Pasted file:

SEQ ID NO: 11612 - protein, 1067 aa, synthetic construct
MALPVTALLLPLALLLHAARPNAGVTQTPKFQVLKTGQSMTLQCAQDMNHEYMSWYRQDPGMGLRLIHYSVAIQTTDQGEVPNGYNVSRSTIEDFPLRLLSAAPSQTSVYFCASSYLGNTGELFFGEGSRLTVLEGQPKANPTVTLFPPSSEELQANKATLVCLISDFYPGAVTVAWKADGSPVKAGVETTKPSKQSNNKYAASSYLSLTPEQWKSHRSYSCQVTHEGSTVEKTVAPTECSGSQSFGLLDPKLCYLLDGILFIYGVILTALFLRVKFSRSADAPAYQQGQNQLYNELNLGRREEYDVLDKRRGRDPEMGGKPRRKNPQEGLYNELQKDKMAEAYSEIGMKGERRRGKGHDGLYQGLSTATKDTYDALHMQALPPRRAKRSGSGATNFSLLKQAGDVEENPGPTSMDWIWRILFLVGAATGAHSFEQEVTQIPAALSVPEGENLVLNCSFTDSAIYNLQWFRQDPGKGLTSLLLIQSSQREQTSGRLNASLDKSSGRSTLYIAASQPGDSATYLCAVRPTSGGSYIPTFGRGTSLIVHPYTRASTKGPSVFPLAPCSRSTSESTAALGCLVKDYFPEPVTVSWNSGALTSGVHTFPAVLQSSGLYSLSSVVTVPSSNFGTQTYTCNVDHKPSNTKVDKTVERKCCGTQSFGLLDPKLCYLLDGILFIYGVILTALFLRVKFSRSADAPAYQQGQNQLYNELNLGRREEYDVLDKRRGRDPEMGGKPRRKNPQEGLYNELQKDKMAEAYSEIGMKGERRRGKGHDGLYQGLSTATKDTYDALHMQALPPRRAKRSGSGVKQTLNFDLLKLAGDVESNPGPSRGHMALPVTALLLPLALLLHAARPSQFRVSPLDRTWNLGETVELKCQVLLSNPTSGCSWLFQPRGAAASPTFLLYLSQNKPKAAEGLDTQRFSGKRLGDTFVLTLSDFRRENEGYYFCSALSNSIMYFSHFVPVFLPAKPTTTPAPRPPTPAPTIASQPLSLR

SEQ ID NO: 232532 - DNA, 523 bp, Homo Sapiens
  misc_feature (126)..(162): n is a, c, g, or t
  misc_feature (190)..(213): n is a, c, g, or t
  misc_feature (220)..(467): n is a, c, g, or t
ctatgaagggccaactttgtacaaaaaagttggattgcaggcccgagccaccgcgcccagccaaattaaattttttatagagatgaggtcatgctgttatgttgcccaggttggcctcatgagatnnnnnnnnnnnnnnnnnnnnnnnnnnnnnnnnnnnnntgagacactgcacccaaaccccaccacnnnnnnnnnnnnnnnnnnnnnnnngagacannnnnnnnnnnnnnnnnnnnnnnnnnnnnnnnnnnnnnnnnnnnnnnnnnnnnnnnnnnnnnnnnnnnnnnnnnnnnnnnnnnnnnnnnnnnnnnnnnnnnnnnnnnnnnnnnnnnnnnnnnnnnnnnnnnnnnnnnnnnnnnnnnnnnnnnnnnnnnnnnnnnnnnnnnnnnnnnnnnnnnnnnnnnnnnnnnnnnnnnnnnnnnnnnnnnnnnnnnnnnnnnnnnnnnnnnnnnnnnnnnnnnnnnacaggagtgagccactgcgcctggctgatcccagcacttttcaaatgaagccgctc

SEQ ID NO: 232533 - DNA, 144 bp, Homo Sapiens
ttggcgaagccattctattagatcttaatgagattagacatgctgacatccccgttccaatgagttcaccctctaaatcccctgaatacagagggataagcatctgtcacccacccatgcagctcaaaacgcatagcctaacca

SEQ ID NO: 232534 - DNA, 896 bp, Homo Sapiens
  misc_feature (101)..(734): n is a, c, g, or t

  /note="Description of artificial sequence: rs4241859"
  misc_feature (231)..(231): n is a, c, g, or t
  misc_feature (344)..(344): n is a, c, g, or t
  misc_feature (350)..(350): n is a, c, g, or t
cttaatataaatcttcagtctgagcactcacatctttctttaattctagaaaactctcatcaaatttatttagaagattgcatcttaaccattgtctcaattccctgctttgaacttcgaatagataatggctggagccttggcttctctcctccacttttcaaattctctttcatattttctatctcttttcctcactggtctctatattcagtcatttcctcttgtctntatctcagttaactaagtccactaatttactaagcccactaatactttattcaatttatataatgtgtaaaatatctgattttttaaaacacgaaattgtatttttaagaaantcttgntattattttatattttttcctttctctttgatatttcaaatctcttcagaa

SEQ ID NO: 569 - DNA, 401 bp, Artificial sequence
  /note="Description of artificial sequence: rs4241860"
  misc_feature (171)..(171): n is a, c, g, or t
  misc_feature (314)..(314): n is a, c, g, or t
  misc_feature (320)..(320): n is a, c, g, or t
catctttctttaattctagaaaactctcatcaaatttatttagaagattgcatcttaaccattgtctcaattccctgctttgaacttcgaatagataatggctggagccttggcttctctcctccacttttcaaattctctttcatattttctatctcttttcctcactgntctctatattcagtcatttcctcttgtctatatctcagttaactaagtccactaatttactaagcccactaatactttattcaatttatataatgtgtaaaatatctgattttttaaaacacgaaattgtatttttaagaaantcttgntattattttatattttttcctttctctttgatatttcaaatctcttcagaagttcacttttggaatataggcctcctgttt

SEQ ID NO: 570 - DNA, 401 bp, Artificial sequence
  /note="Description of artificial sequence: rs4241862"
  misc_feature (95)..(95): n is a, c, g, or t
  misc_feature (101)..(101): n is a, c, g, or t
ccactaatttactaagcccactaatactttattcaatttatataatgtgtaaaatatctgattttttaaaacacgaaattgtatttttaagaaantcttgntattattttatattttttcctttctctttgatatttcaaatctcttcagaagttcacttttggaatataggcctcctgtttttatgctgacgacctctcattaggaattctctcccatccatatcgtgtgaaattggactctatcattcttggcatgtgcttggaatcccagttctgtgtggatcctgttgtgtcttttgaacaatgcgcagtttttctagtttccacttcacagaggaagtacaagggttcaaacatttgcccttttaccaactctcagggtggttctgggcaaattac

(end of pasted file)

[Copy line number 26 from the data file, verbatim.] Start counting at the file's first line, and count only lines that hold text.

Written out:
  misc_feature (101)..(101): n is a, c, g, or t